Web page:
City Building recruits 60 new apprentices 

Glasgow-based construction firm City Building has created valuable job opportunities for young people across the city after welcoming 60 new apprentices, with support from the Glasgow Guarantee.

City Building recruits 60 new apprentices 

Some of the new apprentices at City Building

Following an intensive recruitment process, this year’s intake includes apprentice joiners, engineers, electricians, painters and decorators and plumbers. 

Of the 60 trade apprentices, 3.3% identify as BAME (black and minority ethnic), which contributes to the firm’s major drive to improve diversity across the business. According to Skills Development Scotland, those taking up a modern apprenticeship who identified as BAME contributed to 2.3% of all new apprenticeships last year (2018/19). 

Females accounted for 7% of new starts, which is also reflective of City Building’s commitment to provide equal opportunities for women in the construction industry. 

The cohort, who started in October, completed a rigorous interview and testing process ahead of their training which had to be adapted to meet COVID-19 restrictions. They will eventually be deployed to construction sites across the city for on-the-job learning whilst continuing to attend regular classes at the organisation’s Queenslie Training Centre, an in-house SVQ approved College. 

City Building recruits 60 new apprentices 

Holly Goodwin

Holly Goodwin, 16, from Sandyhills in Glasgow has started her apprenticeship in mechanical service engineering. After undertaking work experience in City Building’s RSBi facility whilst at school, she was determined to get a place on the apprenticeship programme. 

Holly said: “During my work experience, I spent some time with the mechanical service engineering team and instantly knew it was what I wanted to do. I found it so interesting and I felt the apprenticeship programme was perfectly suited to me. I worked really hard at school to get the grades I needed to get a place on the course because I knew how popular it was. 

The first few weeks at City Building have gone really well. Everyone is so friendly and supportive, and although the world is quite a stressful place at the moment, it’s a really nice atmosphere. I’m so pleased to have started my apprenticeship - being able to spend some time at college learning the theory, and then putting it into practice on site is fantastic.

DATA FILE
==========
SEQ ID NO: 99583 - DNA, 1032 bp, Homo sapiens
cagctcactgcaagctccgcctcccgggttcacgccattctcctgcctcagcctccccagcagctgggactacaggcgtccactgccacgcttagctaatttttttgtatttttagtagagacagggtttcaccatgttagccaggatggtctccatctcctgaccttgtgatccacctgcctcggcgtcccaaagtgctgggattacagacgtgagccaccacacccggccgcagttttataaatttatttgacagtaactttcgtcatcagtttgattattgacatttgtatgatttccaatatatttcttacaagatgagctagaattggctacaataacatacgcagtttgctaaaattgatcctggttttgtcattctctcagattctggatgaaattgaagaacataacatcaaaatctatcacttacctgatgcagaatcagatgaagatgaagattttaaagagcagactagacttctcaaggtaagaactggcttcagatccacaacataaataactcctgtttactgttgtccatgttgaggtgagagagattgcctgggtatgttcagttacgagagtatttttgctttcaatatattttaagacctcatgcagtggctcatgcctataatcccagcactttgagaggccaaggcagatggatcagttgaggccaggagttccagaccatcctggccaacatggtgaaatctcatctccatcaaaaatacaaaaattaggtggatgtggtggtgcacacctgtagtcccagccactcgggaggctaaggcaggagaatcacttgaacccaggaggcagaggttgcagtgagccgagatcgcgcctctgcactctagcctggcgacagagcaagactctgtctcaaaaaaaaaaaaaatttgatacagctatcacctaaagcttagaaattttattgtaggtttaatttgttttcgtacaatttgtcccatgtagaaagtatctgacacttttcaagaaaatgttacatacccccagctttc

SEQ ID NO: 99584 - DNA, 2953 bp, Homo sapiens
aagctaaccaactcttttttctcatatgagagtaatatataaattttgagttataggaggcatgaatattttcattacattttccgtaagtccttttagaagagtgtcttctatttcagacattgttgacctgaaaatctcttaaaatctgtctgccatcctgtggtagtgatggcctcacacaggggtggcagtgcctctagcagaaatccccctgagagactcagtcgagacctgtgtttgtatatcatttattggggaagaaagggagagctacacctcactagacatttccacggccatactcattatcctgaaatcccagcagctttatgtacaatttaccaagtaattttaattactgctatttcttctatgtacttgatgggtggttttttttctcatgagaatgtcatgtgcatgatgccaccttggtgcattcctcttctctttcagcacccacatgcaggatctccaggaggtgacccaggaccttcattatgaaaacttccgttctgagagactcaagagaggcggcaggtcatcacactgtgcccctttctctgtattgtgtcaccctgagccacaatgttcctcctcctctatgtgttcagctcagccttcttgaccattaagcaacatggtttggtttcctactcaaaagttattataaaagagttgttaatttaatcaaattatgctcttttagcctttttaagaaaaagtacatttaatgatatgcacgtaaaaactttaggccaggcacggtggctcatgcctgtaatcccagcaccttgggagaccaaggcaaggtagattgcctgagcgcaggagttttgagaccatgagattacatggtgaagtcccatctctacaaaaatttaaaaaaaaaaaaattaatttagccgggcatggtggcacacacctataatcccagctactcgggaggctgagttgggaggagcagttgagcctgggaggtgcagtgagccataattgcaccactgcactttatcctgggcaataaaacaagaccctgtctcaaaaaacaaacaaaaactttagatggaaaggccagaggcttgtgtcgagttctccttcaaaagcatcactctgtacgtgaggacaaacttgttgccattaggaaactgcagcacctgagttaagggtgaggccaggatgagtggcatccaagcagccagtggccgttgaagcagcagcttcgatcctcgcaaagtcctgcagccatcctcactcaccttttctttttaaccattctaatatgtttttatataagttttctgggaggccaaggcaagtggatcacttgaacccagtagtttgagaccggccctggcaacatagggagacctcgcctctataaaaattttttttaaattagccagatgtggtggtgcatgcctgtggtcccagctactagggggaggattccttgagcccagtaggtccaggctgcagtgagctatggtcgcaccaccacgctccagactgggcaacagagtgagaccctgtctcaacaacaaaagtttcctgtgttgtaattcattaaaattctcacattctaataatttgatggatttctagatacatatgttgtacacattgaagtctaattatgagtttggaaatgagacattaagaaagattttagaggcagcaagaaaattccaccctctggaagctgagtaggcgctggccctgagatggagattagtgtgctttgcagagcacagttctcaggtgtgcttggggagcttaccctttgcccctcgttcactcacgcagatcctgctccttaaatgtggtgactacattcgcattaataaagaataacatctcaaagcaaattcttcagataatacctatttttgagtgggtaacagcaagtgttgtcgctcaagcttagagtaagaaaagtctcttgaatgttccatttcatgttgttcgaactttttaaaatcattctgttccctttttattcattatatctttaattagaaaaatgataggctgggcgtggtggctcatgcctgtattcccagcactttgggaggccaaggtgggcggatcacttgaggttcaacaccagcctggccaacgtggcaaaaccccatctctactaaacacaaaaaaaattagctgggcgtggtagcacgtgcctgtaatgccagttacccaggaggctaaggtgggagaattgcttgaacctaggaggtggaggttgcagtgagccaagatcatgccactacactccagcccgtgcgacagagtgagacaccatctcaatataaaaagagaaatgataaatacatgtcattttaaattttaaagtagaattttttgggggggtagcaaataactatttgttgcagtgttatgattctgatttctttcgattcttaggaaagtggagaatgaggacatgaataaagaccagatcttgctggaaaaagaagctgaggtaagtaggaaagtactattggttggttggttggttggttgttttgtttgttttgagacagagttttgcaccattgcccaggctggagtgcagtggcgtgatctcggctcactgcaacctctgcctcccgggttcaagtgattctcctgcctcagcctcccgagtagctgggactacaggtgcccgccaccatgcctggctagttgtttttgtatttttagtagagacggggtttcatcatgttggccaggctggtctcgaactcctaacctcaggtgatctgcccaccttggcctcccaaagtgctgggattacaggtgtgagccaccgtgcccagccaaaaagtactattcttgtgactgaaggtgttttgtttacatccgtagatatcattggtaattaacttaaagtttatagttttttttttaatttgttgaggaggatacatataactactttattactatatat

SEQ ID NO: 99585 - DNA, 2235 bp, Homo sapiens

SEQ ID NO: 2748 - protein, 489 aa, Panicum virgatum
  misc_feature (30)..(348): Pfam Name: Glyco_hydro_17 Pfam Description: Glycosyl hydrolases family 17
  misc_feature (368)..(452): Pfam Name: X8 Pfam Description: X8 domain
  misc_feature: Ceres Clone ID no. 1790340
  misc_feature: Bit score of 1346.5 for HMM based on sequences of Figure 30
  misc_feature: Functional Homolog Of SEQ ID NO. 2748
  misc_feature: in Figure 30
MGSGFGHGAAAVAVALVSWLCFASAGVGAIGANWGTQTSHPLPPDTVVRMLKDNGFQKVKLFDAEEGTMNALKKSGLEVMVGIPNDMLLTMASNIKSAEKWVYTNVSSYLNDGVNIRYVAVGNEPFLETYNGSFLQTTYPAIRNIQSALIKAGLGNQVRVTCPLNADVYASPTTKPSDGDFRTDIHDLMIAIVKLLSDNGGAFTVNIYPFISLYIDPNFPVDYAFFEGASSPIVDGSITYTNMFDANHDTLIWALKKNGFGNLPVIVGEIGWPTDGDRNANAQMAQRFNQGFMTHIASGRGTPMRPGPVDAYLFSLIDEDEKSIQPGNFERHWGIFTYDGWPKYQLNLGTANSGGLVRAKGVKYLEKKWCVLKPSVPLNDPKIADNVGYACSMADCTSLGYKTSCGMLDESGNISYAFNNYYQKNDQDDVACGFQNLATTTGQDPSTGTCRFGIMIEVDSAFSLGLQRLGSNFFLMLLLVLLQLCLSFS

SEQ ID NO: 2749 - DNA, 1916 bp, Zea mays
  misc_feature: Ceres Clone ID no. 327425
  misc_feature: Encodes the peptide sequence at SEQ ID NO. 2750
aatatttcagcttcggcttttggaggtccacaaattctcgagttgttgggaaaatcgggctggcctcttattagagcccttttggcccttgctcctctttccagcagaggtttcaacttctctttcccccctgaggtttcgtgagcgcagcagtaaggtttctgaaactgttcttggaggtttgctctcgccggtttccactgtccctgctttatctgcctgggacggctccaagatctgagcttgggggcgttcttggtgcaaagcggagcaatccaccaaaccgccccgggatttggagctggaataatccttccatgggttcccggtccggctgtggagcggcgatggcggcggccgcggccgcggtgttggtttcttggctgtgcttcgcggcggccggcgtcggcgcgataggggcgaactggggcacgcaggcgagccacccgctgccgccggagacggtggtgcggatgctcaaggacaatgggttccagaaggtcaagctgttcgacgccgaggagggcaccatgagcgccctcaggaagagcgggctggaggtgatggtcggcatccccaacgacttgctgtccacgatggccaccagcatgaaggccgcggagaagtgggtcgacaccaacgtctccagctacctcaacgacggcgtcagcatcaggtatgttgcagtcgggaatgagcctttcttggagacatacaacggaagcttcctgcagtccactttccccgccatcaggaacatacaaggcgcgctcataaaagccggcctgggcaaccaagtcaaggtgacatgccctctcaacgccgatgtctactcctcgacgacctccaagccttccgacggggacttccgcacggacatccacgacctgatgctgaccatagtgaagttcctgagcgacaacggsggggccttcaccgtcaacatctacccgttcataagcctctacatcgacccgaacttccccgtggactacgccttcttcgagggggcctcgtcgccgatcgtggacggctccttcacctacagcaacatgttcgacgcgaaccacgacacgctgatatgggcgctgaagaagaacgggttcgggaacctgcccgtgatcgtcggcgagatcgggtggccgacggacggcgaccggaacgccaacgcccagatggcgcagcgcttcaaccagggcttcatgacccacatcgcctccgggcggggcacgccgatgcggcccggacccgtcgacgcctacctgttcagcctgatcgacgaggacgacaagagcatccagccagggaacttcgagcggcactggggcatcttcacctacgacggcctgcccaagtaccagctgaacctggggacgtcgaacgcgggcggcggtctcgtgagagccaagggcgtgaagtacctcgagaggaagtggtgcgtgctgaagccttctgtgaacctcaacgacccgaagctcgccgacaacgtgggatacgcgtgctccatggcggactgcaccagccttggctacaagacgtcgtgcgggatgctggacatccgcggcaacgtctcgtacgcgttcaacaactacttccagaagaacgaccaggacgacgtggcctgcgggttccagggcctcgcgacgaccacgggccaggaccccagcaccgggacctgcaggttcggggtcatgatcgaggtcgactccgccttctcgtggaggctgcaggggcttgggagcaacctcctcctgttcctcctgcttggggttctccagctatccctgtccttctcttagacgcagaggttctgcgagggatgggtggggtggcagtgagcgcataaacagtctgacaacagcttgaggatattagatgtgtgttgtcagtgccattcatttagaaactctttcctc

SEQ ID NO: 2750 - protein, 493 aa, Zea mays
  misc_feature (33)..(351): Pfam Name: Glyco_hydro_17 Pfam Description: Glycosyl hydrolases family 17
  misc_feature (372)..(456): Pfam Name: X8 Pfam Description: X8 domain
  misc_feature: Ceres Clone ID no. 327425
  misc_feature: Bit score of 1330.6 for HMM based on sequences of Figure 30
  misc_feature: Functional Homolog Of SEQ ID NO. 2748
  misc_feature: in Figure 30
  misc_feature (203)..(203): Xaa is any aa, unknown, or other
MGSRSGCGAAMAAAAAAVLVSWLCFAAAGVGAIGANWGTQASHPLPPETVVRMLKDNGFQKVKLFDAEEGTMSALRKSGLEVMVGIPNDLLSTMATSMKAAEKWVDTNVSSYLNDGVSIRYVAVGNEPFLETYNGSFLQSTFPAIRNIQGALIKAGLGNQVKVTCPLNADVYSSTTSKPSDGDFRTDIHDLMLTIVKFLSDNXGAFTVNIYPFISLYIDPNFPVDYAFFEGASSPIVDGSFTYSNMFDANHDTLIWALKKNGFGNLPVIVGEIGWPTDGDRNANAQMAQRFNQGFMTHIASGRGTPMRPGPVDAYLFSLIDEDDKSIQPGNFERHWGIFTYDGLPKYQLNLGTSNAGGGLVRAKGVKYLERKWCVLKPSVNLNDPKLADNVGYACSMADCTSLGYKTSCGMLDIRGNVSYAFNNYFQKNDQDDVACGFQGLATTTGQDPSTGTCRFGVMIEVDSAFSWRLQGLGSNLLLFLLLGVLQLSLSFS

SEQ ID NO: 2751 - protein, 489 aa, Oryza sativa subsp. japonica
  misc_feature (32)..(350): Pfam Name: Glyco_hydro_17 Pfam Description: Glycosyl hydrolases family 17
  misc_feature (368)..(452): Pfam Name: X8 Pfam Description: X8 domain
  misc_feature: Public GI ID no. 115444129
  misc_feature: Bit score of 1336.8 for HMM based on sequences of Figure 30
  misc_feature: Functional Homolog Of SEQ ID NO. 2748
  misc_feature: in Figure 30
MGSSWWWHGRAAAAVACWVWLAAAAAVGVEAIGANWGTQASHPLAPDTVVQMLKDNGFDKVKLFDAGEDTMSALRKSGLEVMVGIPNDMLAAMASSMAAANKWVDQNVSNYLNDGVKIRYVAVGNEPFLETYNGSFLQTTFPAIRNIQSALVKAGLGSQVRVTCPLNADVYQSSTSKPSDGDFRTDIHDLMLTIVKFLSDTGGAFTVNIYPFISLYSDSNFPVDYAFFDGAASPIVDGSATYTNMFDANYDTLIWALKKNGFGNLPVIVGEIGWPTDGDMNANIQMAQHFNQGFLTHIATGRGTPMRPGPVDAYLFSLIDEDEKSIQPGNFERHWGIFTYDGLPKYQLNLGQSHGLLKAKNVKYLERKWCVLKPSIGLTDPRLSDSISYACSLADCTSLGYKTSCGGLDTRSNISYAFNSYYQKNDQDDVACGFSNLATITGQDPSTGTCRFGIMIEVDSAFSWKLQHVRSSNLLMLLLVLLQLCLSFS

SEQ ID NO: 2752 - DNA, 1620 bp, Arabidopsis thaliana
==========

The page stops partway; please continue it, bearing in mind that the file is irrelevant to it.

I’m really excited to see what the next few years will bring. I’d love to be in a management position one day, but right now I’m happy to be doing my apprenticeship!” 

Cllr Allan Casey, board chair, said: “After an unprecedented year, I’m extremely pleased to welcome another new wave of apprentices. As a former apprentice myself I believe that now, more than ever, is such an important time to support Scotland’s young people learn and develop, helping them to achieve success in the world of work. 

Championing young people and developing new talent has always been at the heart of our apprenticeship programme, and we’ve developed it to be one of the best in Scotland. We are lucky to have some of the best trainers in the industry who put a lot of time and effort into training our apprentices. I’m very much looking forward to seeing our new cohort go from strength to strength.”  

GHA chair Bernadette Hewitt said: “We want to do everything we can to help young people in our communities reach their full potential. The apprenticeship programme with City Building is an outstanding opportunity for young men and women to get their foot on the career ladder and learn skills which will serve them well for life.

“The impact on the economy and the job market caused by Covid has made it incredibly challenging for young people to find their first job. It’s great to know many of these apprentices not only live in our communities but will play a key role in them for years to come as we deliver a first-class repairs and maintenance service to our customers.” 

City Building has one of the highest qualification rates in the industry, with around 94% of apprentices becoming time-served compared with an industry average of around 75%.  

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